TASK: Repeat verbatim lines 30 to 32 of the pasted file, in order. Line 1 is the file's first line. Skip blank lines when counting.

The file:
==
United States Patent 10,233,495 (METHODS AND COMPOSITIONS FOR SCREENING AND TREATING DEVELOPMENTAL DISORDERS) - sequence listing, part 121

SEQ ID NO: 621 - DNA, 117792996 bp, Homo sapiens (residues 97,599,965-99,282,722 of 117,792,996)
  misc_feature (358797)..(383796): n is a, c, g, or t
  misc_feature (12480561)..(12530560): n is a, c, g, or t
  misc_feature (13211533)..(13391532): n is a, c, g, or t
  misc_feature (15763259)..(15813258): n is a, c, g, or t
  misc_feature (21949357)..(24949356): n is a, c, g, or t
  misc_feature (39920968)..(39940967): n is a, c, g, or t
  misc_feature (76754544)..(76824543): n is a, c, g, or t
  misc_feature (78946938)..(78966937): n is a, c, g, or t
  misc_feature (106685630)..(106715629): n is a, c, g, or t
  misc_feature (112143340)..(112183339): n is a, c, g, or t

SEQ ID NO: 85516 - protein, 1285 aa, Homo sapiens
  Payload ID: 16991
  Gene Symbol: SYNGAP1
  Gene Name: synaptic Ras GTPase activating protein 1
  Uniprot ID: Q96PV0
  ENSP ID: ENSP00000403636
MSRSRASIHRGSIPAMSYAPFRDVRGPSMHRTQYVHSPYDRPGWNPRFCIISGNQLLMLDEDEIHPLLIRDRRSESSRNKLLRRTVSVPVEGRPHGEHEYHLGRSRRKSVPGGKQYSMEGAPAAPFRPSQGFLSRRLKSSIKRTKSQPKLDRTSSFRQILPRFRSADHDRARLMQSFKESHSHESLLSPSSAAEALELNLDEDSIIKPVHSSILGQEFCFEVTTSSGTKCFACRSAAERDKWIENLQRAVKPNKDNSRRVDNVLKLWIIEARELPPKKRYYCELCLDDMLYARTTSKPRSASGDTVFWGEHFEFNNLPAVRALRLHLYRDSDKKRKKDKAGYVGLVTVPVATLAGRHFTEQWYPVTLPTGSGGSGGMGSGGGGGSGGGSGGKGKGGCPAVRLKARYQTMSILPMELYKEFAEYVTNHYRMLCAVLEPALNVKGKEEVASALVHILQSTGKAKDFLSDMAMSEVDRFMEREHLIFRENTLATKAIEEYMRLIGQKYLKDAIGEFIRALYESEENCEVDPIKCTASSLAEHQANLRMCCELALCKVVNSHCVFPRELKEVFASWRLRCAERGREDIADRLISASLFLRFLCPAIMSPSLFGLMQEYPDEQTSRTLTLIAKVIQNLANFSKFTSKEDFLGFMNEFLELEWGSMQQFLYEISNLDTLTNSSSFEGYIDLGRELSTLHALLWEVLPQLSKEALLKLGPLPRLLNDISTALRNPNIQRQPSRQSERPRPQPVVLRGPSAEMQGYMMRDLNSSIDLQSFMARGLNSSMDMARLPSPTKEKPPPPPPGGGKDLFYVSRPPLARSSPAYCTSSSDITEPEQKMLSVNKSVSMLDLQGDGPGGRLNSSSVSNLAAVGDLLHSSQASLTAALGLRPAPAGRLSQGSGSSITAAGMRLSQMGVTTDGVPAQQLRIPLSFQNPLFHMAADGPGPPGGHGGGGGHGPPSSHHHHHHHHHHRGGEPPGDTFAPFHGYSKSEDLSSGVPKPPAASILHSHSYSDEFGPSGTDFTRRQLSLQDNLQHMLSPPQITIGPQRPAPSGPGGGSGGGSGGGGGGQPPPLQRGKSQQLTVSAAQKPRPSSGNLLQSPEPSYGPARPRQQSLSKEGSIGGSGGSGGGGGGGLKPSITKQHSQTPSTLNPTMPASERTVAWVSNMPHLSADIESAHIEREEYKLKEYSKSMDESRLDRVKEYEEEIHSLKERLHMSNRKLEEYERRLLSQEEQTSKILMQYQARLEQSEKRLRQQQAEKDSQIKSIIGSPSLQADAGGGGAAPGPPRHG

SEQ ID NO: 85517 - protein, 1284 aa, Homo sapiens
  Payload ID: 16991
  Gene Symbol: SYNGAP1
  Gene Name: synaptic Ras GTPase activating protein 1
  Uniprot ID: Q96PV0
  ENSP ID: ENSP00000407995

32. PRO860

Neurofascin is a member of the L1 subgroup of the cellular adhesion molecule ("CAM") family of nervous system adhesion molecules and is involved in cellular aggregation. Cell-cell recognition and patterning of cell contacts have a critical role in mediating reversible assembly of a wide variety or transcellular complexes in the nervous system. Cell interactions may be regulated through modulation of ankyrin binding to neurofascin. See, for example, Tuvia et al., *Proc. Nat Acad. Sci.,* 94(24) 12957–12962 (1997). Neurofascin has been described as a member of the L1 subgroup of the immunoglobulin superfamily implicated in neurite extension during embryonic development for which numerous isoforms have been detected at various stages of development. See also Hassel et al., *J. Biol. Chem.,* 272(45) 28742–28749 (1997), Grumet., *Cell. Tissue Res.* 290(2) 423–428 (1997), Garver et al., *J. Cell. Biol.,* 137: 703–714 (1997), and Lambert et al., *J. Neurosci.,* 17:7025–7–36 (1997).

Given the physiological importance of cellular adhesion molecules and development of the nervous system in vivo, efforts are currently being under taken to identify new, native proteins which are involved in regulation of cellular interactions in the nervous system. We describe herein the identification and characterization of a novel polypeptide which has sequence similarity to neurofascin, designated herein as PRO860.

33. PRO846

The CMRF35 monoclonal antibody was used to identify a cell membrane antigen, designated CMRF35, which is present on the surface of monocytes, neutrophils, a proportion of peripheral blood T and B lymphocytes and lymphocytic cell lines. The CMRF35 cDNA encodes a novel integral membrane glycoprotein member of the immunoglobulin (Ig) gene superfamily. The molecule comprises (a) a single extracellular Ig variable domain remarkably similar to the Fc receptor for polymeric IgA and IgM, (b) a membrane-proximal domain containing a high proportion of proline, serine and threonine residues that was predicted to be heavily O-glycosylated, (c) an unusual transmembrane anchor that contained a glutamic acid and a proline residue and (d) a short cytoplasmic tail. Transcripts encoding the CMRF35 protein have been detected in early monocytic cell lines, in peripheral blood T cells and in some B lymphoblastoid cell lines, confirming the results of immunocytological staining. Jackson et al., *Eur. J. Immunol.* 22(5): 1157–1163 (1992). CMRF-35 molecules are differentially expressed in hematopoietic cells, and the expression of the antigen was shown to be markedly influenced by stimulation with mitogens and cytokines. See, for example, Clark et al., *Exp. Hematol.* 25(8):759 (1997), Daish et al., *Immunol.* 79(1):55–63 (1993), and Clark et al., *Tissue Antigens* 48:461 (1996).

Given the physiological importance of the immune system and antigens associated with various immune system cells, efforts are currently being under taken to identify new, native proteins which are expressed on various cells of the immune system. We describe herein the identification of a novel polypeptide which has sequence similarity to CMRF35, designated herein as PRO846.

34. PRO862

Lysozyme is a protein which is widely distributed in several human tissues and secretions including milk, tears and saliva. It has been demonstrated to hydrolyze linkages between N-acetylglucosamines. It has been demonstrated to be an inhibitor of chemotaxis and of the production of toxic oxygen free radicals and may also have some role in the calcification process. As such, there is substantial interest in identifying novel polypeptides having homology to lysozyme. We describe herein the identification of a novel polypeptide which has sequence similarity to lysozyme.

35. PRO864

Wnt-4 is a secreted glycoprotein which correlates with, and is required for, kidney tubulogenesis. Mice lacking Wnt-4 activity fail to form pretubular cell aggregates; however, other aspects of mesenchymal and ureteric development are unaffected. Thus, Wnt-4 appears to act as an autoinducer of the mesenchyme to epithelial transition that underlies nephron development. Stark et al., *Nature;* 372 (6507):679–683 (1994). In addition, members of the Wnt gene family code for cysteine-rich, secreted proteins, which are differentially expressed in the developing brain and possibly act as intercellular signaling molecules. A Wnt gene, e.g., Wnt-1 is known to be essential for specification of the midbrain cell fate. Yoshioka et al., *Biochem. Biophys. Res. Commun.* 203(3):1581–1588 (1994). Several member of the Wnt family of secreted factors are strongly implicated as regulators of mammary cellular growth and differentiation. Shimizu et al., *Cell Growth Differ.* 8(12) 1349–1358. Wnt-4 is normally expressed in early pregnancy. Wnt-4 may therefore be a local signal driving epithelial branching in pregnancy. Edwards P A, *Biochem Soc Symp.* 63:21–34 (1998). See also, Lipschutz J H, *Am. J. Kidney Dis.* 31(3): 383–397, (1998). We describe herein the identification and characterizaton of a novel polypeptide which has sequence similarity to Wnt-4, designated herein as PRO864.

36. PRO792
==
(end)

The CMRF35 monoclonal antibody was used to identify a cell membrane antigen, designated CMRF35, which is present on the surface of monocytes, neutrophils, a proportion of peripheral blood T and B lymphocytes and lymphocytic cell lines. The CMRF35 cDNA encodes a novel integral membrane glycoprotein member of the immunoglobulin (Ig) gene superfamily. The molecule comprises (a) a single extracellular Ig variable domain remarkably similar to the Fc receptor for polymeric IgA and IgM, (b) a membrane-proximal domain containing a high proportion of proline, serine and threonine residues that was predicted to be heavily O-glycosylated, (c) an unusual transmembrane anchor that contained a glutamic acid and a proline residue and (d) a short cytoplasmic tail. Transcripts encoding the CMRF35 protein have been detected in early monocytic cell lines, in peripheral blood T cells and in some B lymphoblastoid cell lines, confirming the results of immunocytological staining. Jackson et al., *Eur. J. Immunol.* 22(5): 1157–1163 (1992). CMRF-35 molecules are differentially expressed in hematopoietic cells, and the expression of the antigen was shown to be markedly influenced by stimulation with mitogens and cytokines. See, for example, Clark et al., *Exp. Hematol.* 25(8):759 (1997), Daish et al., *Immunol.* 79(1):55–63 (1993), and Clark et al., *Tissue Antigens* 48:461 (1996).

Given the physiological importance of the immune system and antigens associated with various immune system cells, efforts are currently being under taken to identify new, native proteins which are expressed on various cells of the immune system. We describe herein the identification of a novel polypeptide which has sequence similarity to CMRF35, designated herein as PRO846.

34. PRO862